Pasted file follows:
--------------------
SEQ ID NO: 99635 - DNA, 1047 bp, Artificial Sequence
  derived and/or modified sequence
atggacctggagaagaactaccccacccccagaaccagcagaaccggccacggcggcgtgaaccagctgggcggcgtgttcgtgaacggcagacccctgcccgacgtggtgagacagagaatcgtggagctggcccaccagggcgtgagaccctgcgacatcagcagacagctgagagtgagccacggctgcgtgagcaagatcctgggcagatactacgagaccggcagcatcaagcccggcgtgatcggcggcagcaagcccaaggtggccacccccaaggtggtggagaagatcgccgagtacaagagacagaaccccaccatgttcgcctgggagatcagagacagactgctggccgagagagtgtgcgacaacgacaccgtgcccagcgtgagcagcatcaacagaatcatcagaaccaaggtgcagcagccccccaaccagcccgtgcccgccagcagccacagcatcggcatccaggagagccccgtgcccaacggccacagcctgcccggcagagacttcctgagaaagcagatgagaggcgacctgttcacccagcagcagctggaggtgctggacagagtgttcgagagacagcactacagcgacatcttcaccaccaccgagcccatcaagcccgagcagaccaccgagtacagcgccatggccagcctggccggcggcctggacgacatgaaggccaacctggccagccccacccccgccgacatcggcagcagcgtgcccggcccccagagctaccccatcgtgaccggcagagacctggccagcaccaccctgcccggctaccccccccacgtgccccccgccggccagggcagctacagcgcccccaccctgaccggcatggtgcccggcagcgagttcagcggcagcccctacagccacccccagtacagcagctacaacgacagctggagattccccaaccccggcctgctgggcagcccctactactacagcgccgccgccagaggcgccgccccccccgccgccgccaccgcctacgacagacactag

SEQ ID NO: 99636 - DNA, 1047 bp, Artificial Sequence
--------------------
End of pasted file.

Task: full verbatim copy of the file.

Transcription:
SEQ ID NO: 99635 - DNA, 1047 bp, Artificial Sequence
  derived and/or modified sequence
atggacctggagaagaactaccccacccccagaaccagcagaaccggccacggcggcgtgaaccagctgggcggcgtgttcgtgaacggcagacccctgcccgacgtggtgagacagagaatcgtggagctggcccaccagggcgtgagaccctgcgacatcagcagacagctgagagtgagccacggctgcgtgagcaagatcctgggcagatactacgagaccggcagcatcaagcccggcgtgatcggcggcagcaagcccaaggtggccacccccaaggtggtggagaagatcgccgagtacaagagacagaaccccaccatgttcgcctgggagatcagagacagactgctggccgagagagtgtgcgacaacgacaccgtgcccagcgtgagcagcatcaacagaatcatcagaaccaaggtgcagcagccccccaaccagcccgtgcccgccagcagccacagcatcggcatccaggagagccccgtgcccaacggccacagcctgcccggcagagacttcctgagaaagcagatgagaggcgacctgttcacccagcagcagctggaggtgctggacagagtgttcgagagacagcactacagcgacatcttcaccaccaccgagcccatcaagcccgagcagaccaccgagtacagcgccatggccagcctggccggcggcctggacgacatgaaggccaacctggccagccccacccccgccgacatcggcagcagcgtgcccggcccccagagctaccccatcgtgaccggcagagacctggccagcaccaccctgcccggctaccccccccacgtgccccccgccggccagggcagctacagcgcccccaccctgaccggcatggtgcccggcagcgagttcagcggcagcccctacagccacccccagtacagcagctacaacgacagctggagattccccaaccccggcctgctgggcagcccctactactacagcgccgccgccagaggcgccgccccccccgccgccgccaccgcctacgacagacactag

SEQ ID NO: 99636 - DNA, 1047 bp, Artificial Sequence